Clayton Kershaw Re-Signs with Dodgers on 3-Year, $93M Contract

Timothy Rapp@@TRappaRTFeatured ColumnistNovember 2, 2018

DENVER, CO - SEPTEMBER 30: Starting pitcher Clayton Kershaw #22 of the Los Angeles Dodgers throws in the first inning against the Coloarado Rockies at Coors Field on September 30, 2017 in Denver, Colorado. (Photo by Matthew Stockman/Getty Images)
Matthew Stockman/Getty Images

The Los Angeles Dodgers and Clayton Kershaw agreed to a new three-year contract Friday that ensures he won't become a free agent until the end of the 2021 campaign, the team announced.

The New York Post's Joel Sherman reported the deal is for $93 million.

Kershaw had until 4 p.m. ET on Friday to decide if he wanted to exercise or decline the option in his contract. Had he opted out, he would have forfeited $65 million over the next two seasons. 

"Honestly, I wanted to stay here," Kershaw said Saturday, per ESPN.com's Aiden Gonzalez. "Financial, everything aside, it was more valuable to me to stay here. I'm glad we got that done. I talked a lot with Ellen [his wife]. My kiddos love it here, Ellen loves it here, I love it here. I love the team here. There's not many opportunities that meet all the criteria that Ellen and I would be looking for.

"It gives me a chance to prove a lot of people wrong," Kershaw added. "I think this year especiallymaybe rightfully sothere's been a lot of people saying that I'm in decline or I'm not going to be as good as I once was. I'm looking forward to proving a lot of people wrong with that."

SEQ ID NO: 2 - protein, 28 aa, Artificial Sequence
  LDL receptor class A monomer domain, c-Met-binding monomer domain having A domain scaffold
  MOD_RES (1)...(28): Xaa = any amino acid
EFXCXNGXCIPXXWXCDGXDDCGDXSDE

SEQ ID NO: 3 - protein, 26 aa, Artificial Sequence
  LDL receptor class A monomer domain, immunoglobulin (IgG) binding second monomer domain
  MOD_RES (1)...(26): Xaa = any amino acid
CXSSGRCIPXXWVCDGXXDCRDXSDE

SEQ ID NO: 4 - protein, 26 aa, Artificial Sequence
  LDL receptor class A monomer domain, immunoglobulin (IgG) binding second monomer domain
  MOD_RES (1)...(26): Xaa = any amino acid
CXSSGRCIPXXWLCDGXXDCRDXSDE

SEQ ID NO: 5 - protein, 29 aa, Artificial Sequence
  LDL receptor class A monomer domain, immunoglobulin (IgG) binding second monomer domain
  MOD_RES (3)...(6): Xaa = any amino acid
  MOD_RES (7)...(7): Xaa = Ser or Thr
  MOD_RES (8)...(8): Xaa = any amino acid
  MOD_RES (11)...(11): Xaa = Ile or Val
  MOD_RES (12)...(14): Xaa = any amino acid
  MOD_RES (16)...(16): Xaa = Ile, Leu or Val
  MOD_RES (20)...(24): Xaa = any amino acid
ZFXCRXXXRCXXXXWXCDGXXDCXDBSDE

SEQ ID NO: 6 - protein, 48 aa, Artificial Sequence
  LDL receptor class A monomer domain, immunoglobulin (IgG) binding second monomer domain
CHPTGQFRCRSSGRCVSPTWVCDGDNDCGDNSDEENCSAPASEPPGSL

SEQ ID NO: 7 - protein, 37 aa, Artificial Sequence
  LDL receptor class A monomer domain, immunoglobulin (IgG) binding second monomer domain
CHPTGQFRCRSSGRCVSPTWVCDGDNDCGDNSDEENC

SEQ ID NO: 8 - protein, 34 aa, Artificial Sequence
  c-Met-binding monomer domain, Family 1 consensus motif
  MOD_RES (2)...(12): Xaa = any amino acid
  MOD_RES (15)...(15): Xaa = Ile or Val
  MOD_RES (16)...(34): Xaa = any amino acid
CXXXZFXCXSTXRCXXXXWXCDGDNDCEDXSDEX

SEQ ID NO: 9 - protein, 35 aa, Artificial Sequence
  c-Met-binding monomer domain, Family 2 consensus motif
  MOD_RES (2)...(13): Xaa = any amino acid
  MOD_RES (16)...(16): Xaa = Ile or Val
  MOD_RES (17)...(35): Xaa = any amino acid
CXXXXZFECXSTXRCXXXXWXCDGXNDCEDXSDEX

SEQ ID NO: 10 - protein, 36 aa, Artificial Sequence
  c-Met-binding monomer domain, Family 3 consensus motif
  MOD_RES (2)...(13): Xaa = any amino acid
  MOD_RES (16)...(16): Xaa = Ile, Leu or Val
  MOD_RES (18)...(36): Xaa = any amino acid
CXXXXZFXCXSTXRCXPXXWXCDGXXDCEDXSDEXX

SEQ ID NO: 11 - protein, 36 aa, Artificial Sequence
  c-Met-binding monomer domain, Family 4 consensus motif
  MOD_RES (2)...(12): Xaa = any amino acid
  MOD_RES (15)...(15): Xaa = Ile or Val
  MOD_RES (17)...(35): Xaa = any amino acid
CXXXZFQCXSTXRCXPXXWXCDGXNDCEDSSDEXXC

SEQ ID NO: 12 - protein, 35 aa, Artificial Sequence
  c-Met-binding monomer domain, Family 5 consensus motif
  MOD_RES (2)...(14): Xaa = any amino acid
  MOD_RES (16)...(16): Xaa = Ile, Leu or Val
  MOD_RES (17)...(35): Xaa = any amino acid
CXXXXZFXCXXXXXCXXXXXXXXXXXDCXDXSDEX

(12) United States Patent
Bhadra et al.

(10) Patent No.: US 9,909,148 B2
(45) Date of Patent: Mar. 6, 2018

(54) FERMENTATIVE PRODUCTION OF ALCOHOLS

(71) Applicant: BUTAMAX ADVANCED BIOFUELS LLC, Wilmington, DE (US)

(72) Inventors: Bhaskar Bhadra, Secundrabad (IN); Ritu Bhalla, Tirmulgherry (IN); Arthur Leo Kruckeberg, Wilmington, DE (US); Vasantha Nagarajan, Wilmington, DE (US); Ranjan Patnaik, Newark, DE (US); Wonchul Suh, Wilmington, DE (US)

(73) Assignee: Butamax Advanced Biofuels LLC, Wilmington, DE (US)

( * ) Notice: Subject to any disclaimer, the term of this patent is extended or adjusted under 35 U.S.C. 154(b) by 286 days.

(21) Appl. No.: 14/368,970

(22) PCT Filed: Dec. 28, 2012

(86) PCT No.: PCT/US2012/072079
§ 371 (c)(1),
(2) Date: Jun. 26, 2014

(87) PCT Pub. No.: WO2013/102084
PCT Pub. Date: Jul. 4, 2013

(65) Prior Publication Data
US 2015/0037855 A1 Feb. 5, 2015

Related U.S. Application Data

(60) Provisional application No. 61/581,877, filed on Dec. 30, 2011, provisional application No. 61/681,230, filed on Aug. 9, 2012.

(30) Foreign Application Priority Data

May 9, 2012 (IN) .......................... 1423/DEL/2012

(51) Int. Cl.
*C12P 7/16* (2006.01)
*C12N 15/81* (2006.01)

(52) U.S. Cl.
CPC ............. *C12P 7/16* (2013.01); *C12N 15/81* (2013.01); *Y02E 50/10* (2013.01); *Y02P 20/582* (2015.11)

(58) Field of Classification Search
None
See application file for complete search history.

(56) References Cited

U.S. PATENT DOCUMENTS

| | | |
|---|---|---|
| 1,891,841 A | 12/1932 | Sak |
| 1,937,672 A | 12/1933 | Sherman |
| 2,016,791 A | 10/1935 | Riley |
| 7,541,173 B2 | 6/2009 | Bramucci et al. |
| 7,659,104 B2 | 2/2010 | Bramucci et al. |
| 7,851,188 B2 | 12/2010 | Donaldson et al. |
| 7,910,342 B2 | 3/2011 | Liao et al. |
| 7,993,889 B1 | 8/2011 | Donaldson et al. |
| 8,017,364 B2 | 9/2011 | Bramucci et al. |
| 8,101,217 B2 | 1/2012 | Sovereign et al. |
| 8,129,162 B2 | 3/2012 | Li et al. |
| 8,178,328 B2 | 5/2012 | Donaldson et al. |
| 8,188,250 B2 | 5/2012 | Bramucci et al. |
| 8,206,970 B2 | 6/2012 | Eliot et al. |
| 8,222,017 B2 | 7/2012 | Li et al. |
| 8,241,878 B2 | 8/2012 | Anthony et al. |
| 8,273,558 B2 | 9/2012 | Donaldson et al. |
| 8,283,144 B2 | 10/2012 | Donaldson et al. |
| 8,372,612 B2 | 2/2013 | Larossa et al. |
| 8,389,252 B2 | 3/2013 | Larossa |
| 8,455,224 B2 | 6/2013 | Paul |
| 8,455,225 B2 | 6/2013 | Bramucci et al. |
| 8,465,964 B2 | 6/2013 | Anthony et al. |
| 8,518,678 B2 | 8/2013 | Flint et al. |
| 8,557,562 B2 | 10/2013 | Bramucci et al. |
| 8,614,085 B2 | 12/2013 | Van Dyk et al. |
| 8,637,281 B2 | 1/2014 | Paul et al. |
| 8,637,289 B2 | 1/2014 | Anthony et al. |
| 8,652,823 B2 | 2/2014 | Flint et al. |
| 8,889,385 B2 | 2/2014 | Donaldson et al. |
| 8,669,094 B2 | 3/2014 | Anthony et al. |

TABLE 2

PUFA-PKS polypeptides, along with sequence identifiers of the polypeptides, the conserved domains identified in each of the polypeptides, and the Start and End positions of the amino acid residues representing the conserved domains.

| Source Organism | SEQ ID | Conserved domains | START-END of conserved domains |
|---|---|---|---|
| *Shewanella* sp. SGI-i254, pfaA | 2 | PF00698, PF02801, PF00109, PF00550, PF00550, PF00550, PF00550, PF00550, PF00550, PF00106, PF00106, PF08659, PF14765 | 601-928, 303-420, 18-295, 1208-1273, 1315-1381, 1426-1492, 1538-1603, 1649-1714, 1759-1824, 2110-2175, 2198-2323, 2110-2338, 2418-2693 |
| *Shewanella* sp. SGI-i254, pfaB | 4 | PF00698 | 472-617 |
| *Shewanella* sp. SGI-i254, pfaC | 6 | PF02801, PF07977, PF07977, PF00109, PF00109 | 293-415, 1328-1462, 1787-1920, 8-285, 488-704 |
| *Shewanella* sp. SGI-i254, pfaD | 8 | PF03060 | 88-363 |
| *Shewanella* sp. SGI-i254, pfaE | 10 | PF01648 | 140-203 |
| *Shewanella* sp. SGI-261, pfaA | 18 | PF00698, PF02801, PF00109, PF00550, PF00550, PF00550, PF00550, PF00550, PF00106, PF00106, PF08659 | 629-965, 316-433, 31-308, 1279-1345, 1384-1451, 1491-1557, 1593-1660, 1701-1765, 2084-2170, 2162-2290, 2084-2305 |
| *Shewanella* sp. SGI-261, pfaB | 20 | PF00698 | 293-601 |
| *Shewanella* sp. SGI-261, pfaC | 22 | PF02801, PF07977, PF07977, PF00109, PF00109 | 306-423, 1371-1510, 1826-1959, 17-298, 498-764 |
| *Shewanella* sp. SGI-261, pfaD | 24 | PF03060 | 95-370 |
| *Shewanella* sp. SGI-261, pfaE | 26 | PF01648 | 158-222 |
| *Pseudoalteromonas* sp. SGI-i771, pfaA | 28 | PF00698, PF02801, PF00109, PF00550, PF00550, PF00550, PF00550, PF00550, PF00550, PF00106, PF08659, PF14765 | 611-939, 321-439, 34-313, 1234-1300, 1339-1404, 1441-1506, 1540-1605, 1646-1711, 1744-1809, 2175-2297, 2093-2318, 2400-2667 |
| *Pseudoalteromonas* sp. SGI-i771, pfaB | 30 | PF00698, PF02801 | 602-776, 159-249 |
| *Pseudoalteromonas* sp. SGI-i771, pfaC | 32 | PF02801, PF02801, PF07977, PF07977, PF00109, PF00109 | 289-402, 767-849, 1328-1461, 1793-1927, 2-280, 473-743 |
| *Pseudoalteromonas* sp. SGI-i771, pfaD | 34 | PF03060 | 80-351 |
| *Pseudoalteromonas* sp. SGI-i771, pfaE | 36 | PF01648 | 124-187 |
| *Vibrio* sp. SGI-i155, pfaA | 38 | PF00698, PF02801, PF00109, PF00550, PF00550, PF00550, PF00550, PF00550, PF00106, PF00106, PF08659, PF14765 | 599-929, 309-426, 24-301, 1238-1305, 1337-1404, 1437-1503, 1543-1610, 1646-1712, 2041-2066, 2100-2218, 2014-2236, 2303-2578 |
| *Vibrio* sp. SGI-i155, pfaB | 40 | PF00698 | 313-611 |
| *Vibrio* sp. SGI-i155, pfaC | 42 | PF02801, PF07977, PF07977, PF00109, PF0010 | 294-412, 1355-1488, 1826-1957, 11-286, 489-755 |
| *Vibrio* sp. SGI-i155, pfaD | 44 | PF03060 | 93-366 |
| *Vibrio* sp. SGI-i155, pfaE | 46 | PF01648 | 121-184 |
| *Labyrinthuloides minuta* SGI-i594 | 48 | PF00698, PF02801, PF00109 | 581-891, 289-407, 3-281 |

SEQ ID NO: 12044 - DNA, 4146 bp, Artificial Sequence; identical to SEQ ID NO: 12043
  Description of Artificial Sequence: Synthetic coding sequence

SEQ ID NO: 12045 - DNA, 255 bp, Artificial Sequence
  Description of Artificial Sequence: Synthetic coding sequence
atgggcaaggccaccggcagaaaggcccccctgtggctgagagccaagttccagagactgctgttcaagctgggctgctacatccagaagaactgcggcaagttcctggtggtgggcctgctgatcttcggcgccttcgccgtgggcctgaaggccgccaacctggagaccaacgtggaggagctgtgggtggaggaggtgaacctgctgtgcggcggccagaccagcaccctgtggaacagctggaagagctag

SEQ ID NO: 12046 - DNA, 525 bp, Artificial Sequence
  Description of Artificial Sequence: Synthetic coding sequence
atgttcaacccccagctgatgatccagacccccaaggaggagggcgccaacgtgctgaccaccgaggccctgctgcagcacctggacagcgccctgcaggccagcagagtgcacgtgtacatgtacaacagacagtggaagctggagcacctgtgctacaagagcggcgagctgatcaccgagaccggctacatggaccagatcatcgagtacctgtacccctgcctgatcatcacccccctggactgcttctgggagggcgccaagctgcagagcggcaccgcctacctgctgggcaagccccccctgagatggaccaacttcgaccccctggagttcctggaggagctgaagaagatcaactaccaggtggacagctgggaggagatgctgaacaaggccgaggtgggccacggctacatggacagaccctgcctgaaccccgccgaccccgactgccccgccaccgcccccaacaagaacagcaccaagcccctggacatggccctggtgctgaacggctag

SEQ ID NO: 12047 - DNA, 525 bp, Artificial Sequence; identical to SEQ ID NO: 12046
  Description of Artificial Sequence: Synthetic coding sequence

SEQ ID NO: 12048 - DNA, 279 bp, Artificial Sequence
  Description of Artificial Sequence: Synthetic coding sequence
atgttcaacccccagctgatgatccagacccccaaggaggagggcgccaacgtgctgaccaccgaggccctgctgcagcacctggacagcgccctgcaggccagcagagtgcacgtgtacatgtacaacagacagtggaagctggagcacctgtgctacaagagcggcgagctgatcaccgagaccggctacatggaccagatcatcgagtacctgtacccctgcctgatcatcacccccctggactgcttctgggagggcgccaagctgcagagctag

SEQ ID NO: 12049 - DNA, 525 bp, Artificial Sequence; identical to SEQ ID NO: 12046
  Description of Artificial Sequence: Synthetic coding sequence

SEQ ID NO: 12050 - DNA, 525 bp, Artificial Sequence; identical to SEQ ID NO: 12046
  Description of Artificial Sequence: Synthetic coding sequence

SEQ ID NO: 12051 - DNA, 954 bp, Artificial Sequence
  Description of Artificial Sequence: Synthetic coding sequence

The 30-year-old has established himself as arguably the top starting pitcher in baseball.

He has seven seasons with 200 strikeouts or more (and hit 301 strikeouts in 2015), six seasons with a sub-2.50 ERA, three seasons with a sub-2.00 ERA and six seasons with a WHIP below 1.00. He's thrown 175 or more innings seven times and has eight straight years of double-digit wins (2010-17).

He's led the National League in ERA five times, WHIP four times, wins three times and strikeouts three times. 

He's a seven-time All-Star, three-time Cy Young winner and was the 2014 NL MVP. He was the first pitcher to earn that honor in the National League since Bob Gibson in 1968 (Justin Verlander was the last pitcher to win AL MVP in 2011).

Suffice it to say, Kershaw's value to the Dodgers is astronomical despite a rather inconsistent postseason track record. Overall, Kershaw is 9-10 with a 4.32 ERA across 24 playoff starts, including 0-2 with a 7.36 ERA over 11 innings against the reigning champion Boston Red Sox in this year's World Series. 

Despite those flaws, the Dodgers negotiated a new deal with Kershaw to keep the perennial Cy Young candidate in Southern California. 

If he's able to maintain his elite level of pitching well into his 30s, that will not only be money well spent, but Kershaw may also go down as one of the most dominant pitchers in MLB history.      


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